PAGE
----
Once shunned by some students, the Online MBA is now one the stars of business education, with the coronavirus pandemic helping to drive a 43.5 percent increase in applications for digitally delivered MBAs last year, according to the Graduate Management Admission Council.
However, almost all the top Online MBAs included in rankings tables are offered by business schools in North America and Europe, with traditionally very few options available in the Asia Pacific region.
But the global picture is starting to change, with some Asian institutions now seeing the big opportunity in the online degree marketplace. HKUST Business School in Hong Kong announced earlier this year the launch of a fully Online MBA, the first of its kind on the Asian continent among the top-25 business schools ranked by the Financial Times.
Designed for working professionals in Asia who want flexibility in their schedule or geographical mobility, the new Online MBA allows participants to continue their studies without compromising their career, family or personal priorities. Greater flexibility is provided by the 50/50 split between self-paced online study and live virtual classes.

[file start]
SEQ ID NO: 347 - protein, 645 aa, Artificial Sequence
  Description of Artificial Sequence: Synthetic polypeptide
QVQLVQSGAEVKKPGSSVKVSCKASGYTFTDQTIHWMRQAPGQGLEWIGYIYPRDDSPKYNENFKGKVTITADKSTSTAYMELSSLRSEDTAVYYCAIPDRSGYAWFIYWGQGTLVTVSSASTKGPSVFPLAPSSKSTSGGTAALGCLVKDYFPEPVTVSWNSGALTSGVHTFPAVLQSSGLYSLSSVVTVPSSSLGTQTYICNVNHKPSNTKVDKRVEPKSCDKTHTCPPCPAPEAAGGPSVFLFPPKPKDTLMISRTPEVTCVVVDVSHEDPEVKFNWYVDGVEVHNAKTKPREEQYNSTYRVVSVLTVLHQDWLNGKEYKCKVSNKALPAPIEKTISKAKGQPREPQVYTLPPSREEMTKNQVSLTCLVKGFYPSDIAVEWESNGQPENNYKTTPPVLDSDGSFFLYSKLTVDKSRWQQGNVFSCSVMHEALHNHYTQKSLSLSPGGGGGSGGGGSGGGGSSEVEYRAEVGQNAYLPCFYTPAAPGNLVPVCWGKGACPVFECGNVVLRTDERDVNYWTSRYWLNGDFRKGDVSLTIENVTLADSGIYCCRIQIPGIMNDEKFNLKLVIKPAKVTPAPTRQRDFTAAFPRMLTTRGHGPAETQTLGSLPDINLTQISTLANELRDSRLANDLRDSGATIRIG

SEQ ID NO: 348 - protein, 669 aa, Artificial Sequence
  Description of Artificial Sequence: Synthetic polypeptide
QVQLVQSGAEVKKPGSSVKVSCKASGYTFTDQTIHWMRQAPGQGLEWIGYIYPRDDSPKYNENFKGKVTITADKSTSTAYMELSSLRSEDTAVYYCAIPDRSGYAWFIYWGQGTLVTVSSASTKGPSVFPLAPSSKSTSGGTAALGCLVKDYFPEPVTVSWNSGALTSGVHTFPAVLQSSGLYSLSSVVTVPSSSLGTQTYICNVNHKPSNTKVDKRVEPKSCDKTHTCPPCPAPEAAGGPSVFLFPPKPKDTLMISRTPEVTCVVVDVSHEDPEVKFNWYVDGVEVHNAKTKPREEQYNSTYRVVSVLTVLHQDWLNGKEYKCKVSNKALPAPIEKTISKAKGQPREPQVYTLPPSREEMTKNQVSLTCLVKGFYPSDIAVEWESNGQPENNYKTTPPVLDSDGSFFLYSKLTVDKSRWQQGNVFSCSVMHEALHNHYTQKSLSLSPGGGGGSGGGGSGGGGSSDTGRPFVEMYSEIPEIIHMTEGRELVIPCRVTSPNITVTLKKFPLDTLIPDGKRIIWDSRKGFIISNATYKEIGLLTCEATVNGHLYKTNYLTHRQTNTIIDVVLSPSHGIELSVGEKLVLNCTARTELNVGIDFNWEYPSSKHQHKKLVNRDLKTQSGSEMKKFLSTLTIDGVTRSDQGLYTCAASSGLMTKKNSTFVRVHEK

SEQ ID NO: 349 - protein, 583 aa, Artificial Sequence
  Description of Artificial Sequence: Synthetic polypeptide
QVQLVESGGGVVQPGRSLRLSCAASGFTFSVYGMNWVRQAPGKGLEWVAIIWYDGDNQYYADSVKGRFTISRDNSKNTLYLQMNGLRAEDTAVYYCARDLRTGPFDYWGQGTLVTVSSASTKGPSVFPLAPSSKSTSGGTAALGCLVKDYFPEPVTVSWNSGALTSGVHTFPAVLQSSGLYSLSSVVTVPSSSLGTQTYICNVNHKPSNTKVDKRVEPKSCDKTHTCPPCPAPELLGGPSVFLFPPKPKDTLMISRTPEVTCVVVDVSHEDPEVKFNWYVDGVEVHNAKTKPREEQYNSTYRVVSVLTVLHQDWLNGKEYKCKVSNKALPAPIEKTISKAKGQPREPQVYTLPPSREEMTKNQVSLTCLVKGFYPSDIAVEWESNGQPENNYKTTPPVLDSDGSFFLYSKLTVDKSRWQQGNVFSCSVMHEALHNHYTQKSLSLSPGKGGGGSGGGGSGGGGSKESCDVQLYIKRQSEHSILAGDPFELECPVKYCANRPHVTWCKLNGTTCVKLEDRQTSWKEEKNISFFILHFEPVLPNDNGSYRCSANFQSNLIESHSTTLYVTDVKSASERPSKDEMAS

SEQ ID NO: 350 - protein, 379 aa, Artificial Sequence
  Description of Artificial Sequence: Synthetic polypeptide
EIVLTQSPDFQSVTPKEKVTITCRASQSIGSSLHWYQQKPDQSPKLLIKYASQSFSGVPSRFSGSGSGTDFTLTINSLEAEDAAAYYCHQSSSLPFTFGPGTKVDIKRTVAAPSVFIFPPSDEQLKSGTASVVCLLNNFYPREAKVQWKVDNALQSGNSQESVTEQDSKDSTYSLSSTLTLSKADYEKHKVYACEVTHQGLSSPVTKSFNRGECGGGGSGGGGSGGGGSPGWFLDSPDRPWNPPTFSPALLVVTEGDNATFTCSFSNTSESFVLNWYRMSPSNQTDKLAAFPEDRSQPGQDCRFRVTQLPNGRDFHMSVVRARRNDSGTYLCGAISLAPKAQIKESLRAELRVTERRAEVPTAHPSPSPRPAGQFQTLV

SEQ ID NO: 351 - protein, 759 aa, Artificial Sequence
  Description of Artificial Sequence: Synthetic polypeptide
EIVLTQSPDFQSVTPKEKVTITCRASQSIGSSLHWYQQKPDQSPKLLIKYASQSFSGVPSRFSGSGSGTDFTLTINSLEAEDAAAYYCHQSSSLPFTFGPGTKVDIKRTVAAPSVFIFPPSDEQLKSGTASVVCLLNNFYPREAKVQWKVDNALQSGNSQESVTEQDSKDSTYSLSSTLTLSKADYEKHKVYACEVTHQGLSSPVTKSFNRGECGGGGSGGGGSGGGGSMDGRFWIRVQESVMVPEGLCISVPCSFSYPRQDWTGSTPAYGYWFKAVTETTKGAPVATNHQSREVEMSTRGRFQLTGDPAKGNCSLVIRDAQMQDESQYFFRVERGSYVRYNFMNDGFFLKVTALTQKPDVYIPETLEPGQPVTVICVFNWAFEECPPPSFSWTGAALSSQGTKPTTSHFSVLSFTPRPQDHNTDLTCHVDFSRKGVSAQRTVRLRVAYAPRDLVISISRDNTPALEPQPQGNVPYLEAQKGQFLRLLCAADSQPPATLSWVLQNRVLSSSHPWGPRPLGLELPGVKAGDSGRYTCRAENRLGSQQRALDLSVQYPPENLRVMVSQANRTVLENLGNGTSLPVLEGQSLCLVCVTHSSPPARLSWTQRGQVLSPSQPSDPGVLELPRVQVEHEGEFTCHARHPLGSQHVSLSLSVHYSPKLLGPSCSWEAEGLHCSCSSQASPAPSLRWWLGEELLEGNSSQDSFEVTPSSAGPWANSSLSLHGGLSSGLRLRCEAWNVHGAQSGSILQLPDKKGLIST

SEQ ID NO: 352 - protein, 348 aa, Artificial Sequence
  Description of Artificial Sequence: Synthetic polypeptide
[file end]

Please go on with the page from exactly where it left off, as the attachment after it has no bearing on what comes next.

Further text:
“The virtual classroom brings forward a new generation of education, which allows students from anywhere in the world to connect and immerse in a highly interactive session similar to that in a physical classroom,” says Tai Yuan Chen, associate dean and MBA program director at HKUST.
He cites the increasing global demand for Online MBAs as the main catalyst for HKUST’s move into digital business education. The pandemic has changed the traditional perception of online learning, he says. “The latest virtual learning technologies can provide a more seamless learning experience comparable to an in-person classroom.”
By targeting Asian professionals, Chen says HKUST has overcome one of the main barriers faced by Asian institutions looking to enter the online marketplace: “Due to time-zone differences, it is difficult for Asia-based professionals to join online classes and work with classmates from different regions. Our Digital MBA is designed with the needs and schedule of professionals in Asia in mind.”
Online MBAs in the Asia Pacific region
In the wider Asia Pacific region, a number of business schools in Australia run highly ranked Online MBA programs but course options have been quite limited. Macquarie Business School in Sydney has offered an Online MBA since 2018 on the Coursera online learning platform.
It features a ‘stackable’ model that allows students to earn certificates as they go through the program and start learning before even submitting a formal application. This will be particularly relevant for those with a non-traditional background who want to get up to speed on the basics of business.